Premium content: Global data giants Google, Amazon, Facebook and Apple have huge reservoirs of customer data. They are potentially the real insurance disruptors
The real disruptors of the insurance industry – big beasts with the capacity to alter the landscape fundamentally – are circling the herd.
The GAFAs – Google, Amazon, Facebook and Apple – are getting ready to flex their virtual muscles in the emerging digital insurance world.
Apple recently announced a collaboration with Cisco and insurers to offer discounted cyber cover to its customers; Amazon has moved into financial services offering small business loans; and Google has talked about distribution with Lloyd’s.
These global data giants have huge scale, deep pockets, trusted reputations, and lofty ambitions; but most importantly, they have access to vast reservoirs of personal data on literally billions of potential insurance buyers.
Where you can start to utilise big data practices and feed these into a seamless, personalised customer experience – here will be the differentiated winners” - Roy Jubraj, Accenture
In the short term, their involvement in the industry could be limited to distribution, as seen in Apple’s venture into cyber cover. And the easiest route into that would be through “embedded” insurance, providing cover for their own products or the products they sell through their marketplaces, with the insurance tailored to the customer’s personal data – and ultimately, their needs.
“An embedded insurance product is relevant because the buyer easily understands what it is for,” says Florian Graillot, senior associate at AXA Strategic Ventures. He cites Tesla, which sells insurance embedded with its cars, as a prime example.
With distribution channels potentially redirected through these big four players, whose vast buying power would give them access to the best rates from capacity providers, insurers will face new challenges.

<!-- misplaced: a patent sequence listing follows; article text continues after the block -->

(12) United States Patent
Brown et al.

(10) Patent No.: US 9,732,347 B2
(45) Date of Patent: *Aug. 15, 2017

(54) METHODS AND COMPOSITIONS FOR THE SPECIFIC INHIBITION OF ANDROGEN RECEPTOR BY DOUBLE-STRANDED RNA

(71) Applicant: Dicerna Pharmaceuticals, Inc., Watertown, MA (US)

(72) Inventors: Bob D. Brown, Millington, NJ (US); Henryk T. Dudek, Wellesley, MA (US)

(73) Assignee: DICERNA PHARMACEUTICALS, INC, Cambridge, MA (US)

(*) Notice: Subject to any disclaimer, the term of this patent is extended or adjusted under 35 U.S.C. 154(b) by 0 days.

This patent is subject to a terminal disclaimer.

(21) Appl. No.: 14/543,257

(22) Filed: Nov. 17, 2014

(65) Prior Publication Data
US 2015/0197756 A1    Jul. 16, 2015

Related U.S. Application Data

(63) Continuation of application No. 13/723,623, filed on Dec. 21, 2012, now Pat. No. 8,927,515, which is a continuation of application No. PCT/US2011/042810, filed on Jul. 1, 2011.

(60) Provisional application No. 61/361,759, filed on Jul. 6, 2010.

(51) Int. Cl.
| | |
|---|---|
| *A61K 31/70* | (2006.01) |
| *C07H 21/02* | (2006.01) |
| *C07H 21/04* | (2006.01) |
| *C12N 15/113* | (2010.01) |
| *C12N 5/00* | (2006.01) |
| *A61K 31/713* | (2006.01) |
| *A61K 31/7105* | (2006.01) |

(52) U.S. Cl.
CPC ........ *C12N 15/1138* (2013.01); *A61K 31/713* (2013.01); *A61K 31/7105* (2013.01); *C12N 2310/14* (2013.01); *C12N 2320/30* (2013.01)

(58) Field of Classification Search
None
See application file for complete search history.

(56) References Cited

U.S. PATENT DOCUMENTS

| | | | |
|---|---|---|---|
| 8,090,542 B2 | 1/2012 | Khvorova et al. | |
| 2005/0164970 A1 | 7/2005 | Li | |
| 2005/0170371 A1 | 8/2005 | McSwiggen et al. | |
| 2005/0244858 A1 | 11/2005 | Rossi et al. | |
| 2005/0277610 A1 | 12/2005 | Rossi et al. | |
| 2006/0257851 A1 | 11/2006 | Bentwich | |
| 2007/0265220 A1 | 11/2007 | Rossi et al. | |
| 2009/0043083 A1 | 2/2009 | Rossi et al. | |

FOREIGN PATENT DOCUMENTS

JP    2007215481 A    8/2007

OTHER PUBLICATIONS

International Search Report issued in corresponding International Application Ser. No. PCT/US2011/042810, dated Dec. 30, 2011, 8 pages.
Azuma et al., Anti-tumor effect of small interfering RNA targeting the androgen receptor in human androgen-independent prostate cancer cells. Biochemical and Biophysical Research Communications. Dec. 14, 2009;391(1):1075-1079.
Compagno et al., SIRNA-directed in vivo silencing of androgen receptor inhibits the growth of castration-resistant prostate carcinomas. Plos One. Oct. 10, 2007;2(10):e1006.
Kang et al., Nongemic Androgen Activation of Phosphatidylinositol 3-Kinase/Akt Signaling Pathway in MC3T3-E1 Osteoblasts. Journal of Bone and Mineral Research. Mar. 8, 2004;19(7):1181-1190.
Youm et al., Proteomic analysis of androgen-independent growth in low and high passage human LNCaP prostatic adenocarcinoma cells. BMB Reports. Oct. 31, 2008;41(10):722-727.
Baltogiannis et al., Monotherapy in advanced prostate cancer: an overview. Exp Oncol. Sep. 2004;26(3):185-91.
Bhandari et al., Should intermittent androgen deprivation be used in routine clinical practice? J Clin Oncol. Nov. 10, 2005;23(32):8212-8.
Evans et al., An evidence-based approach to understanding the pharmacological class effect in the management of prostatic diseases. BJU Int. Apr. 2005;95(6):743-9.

“You’re shifting who’s effectively playing the aggregator,” says Roy Jubraj, digital and innovation lead for Accenture’s UK financial services practice.
“What it might do is force insurers to have more segmented propositions for different needs. Are they wired for that today? Whether it’s through product structure, platforms, or how they’re financially set up as risk pooling businesses.”
Attacking another major insurance friction point, claims, is already well underway. Google, for example, through its smart sensor technology has deep knowledge of what can prevent claims, and that insight could impact underwriting. Instead of wholesale disruption, Jubraj says, this is known as compressed disruption, “where the value chain starts to get eaten into. Often you do not realise it until it’s too late.”
The GAFAs have the ability to move more cohesively and with fewer constraints than incumbents.
“Where you can start to utilise big data practices and feed these into a seamless, personalised customer experience – here will be the differentiated winners,” Jubraj adds. “The tech guys will be more astute in doing that, because they’re doing that for their core.”